By Brian Craig, Paralegal Program Chair, Minnesota School of Business Online
By volunteering as a Court Appointed Special Advocate (CASA), students and graduates of the paralegal and criminal justice programs at Minnesota School of Business can gain real world experience in the legal and social service field while helping provide an important community service for abused and neglected children.
Through the CASA program, which currently operates in every state in some form, volunteers are appointed by judges to watch over and advocate for abused and neglected children. The CASA programs are known by different names, including Guardian ad Litem (GAL), Child Advocates, and Voices for Children. CASA volunteers typically handle just a few cases at a time so they can provide in-depth, firsthand information to judges. CASA volunteers focus on the well-being of the children without needing to serve the interests of the parents, the county child protective services unit, or the state. For many abused children, their CASA volunteer will be the one constant adult presence in their lives.
Ideally, volunteers stay with each case until it is closed and the child is placed in a safe, permanent home. CASA volunteers often gather information, appear and testify in court, explain what is going on to the child, recommend services, monitor case plans and court orders, and keep the court informed. Generally more time is spent in the beginning of the case gathering facts, conducting interviews and collecting documents. On average, CASA volunteers dedicate approximately 10 hours a month on a case. The average case lasts about a year and a half and most CASA/GAL programs require that a volunteer commit to serve for at least one year.
Christine Larsen, a graduate of the AAS paralegal program at Broadview University in March 2013, was sworn in as a CASA volunteer this past March. Christine applauded the program when she said “It is a great program and they can always use more volunteers.” A need for more volunteers definitely exists.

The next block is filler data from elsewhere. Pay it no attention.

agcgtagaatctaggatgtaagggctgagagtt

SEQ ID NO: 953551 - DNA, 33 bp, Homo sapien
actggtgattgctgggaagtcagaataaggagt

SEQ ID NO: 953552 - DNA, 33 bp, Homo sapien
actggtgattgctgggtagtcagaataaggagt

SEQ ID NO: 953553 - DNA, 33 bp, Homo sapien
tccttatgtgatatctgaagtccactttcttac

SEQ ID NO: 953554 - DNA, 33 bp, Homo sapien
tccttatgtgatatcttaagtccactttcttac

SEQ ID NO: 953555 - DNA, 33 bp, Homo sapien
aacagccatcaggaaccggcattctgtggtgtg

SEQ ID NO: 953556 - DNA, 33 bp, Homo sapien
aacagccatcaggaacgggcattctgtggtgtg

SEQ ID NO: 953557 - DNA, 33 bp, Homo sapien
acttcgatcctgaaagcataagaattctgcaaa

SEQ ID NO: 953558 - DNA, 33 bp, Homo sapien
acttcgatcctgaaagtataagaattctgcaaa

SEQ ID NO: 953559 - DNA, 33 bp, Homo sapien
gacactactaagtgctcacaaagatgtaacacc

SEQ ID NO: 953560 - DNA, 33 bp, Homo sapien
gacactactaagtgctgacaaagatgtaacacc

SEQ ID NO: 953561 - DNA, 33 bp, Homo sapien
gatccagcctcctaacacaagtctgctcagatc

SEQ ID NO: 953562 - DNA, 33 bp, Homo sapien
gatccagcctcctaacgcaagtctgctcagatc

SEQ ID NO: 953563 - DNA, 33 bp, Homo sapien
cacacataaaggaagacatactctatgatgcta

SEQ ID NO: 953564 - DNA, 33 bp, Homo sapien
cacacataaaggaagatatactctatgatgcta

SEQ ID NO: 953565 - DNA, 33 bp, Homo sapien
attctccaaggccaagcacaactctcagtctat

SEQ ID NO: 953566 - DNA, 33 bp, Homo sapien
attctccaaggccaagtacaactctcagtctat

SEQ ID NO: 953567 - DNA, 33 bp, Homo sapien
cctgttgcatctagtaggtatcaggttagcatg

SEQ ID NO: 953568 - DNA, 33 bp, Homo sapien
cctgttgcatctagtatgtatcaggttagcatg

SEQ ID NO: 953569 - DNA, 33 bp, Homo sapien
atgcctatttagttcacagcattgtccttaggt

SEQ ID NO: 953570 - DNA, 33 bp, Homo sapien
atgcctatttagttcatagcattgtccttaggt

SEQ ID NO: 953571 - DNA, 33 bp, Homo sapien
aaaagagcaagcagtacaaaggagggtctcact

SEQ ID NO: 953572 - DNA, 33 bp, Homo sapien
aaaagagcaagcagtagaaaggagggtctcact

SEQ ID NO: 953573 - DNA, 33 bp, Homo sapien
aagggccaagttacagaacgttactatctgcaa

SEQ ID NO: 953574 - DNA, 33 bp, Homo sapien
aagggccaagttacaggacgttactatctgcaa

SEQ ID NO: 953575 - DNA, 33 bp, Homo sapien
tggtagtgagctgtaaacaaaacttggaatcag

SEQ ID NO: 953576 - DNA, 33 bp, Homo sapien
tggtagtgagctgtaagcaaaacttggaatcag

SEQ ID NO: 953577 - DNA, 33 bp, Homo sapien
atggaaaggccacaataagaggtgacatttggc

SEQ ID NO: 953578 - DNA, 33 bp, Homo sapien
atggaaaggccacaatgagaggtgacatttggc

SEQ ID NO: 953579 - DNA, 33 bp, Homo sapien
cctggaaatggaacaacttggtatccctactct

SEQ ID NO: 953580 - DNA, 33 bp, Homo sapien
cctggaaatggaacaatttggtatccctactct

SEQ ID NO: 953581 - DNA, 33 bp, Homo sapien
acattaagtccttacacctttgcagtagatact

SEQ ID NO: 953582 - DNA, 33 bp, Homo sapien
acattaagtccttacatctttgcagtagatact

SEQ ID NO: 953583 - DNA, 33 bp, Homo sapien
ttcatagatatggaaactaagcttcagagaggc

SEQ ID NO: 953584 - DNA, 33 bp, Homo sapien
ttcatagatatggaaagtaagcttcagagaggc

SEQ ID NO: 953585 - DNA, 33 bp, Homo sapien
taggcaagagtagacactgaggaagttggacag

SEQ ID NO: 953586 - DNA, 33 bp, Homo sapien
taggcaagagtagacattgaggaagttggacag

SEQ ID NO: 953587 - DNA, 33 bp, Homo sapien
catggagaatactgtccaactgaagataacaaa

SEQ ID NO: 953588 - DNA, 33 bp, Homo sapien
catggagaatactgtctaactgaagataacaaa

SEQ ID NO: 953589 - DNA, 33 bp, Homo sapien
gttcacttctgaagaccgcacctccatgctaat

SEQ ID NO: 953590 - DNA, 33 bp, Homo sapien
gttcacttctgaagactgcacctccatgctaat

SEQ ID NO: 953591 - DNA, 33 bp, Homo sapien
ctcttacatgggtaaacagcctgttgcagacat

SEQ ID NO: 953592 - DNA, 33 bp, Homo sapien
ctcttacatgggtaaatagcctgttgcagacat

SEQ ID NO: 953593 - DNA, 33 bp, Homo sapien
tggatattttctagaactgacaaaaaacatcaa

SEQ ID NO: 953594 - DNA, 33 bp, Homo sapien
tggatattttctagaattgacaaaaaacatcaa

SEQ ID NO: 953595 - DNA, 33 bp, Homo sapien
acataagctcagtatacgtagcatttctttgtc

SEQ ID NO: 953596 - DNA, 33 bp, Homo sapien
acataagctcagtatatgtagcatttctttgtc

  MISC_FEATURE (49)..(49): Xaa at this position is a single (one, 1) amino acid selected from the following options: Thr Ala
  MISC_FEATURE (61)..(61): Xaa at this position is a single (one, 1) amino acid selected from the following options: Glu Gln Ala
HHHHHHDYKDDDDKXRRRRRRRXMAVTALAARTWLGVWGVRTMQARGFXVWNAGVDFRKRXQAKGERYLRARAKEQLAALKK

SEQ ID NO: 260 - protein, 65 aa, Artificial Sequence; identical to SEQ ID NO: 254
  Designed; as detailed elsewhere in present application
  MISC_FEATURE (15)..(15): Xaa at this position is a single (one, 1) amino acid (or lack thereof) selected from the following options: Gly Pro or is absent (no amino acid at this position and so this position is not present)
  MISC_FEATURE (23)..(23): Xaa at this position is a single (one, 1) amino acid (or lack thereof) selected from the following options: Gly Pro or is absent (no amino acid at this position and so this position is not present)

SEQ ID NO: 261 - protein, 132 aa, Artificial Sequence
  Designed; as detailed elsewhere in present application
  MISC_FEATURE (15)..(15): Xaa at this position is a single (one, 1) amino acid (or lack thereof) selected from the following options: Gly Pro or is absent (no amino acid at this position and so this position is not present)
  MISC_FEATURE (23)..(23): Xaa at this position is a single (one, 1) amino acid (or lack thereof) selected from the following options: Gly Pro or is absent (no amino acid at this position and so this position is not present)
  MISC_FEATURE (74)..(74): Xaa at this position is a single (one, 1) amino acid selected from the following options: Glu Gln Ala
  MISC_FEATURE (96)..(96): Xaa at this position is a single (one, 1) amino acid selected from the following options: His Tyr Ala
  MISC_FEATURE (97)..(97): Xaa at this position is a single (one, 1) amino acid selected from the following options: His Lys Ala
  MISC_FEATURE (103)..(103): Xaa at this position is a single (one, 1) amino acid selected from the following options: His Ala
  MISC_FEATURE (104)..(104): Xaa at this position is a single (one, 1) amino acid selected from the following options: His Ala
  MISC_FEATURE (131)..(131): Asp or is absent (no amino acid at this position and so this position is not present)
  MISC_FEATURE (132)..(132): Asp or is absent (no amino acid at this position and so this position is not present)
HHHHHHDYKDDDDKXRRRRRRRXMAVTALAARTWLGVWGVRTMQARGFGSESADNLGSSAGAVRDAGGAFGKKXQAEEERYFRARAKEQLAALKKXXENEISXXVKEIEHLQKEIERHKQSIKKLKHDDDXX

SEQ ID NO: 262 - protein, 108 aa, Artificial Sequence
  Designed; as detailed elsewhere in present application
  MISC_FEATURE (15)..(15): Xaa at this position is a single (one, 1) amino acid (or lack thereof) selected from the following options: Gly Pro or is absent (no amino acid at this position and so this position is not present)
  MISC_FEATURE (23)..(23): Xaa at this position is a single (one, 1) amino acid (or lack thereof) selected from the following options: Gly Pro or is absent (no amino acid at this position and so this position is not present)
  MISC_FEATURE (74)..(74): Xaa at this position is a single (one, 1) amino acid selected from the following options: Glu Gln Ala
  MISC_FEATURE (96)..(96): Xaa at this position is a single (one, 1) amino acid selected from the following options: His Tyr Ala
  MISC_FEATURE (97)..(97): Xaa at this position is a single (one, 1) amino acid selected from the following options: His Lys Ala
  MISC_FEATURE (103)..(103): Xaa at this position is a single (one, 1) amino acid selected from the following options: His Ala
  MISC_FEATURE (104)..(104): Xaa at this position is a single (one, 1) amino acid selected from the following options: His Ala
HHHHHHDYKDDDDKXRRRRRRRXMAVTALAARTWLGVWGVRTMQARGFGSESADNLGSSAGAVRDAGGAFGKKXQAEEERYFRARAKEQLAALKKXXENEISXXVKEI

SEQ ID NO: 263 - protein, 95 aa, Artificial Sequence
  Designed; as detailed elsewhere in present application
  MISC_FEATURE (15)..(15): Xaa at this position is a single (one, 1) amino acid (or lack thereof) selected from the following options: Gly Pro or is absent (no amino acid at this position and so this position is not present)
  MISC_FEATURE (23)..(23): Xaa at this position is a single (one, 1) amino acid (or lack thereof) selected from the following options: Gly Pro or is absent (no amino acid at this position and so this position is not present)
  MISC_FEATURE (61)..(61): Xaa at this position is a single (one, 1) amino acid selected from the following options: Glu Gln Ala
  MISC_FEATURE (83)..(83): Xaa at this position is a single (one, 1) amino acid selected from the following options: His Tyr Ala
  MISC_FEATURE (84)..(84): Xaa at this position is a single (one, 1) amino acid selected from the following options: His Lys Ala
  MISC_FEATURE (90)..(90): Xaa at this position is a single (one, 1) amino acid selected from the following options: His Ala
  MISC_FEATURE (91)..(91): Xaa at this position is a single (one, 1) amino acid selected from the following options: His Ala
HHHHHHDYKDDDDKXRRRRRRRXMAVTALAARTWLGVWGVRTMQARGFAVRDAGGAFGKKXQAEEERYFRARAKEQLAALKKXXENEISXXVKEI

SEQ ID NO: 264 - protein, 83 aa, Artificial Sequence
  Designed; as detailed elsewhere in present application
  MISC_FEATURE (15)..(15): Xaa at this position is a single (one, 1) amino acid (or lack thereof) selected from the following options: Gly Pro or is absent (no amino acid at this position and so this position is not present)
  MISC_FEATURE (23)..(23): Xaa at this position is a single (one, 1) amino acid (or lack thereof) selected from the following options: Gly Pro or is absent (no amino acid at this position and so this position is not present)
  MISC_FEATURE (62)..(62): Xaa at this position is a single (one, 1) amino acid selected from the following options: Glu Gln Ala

The concept of the CASA volunteer originated with Seattle, Washington, Superior Court Judge David W. Soukup. Judge Soukup grew frustrated with the lack of available information about the children whose futures he was determining. The basic components of Judge Soukup’s 1977 pilot program are essentially the same today: a judge appoints carefully selected, well-trained lay volunteers to represent the best interests of children in court. The need for CASA advocacy increased after Congress passed the Adoption Assistance and Child Welfare Act of 1980, which mandated a greater emphasis on permanent placement. Congress also expanded CASA programs with the Victims of Child Abuse Act of 1990, which states that a “court-appointed special advocate shall be available to every victim of child abuse or neglect in the United States that needs such an advocate.” See Davin Youngclarke, M.A. et. al., A Systematic Review of the Impact of Court Appointed Special Advocates, 5 J. Center for Families, Child. & Cts. 109, 110-11 (2004).
Judges have endorsed the CASA program and the efforts of CASA volunteers. Yavapai (Az.) County Superior Judge Robert Brutinel said, “When I think about CASAs, what I think about in addition to all the hard work, in addition to learning about the system, in addition to holding judges and the system accountable for how the system works—is consistency. Since I’ve been a juvenile court judge for almost 15 years now, everybody’s changed. Nobody that I started with is still in the juvenile system. We see new case managers all the time. Treatment professionals change. The one constant I see in children’s lives is the CASA.”
Students who are looking for an internship may consider working as a CASA volunteer combined with other work to meet the 180-hour requirement for the internship. Students can count the time spent in training and volunteering in the CASA program during the quarter when they take the internship course toward the 180-hour internship.
CASA volunteers provide a valuable role in representing the interests of children. Meanwhile, students learn more about the legal system and gain more contacts in the legal field. Representing the interests of children as a CASA volunteer could also help lead to employment in the legal field, particularly with law firms that represent clients in the practice areas of family law and juvenile justice. The CASA volunteer program is an excellent example of applied learning where students learn while also providing a valuable community service.
For more information about being a CASA volunteer, visit their website.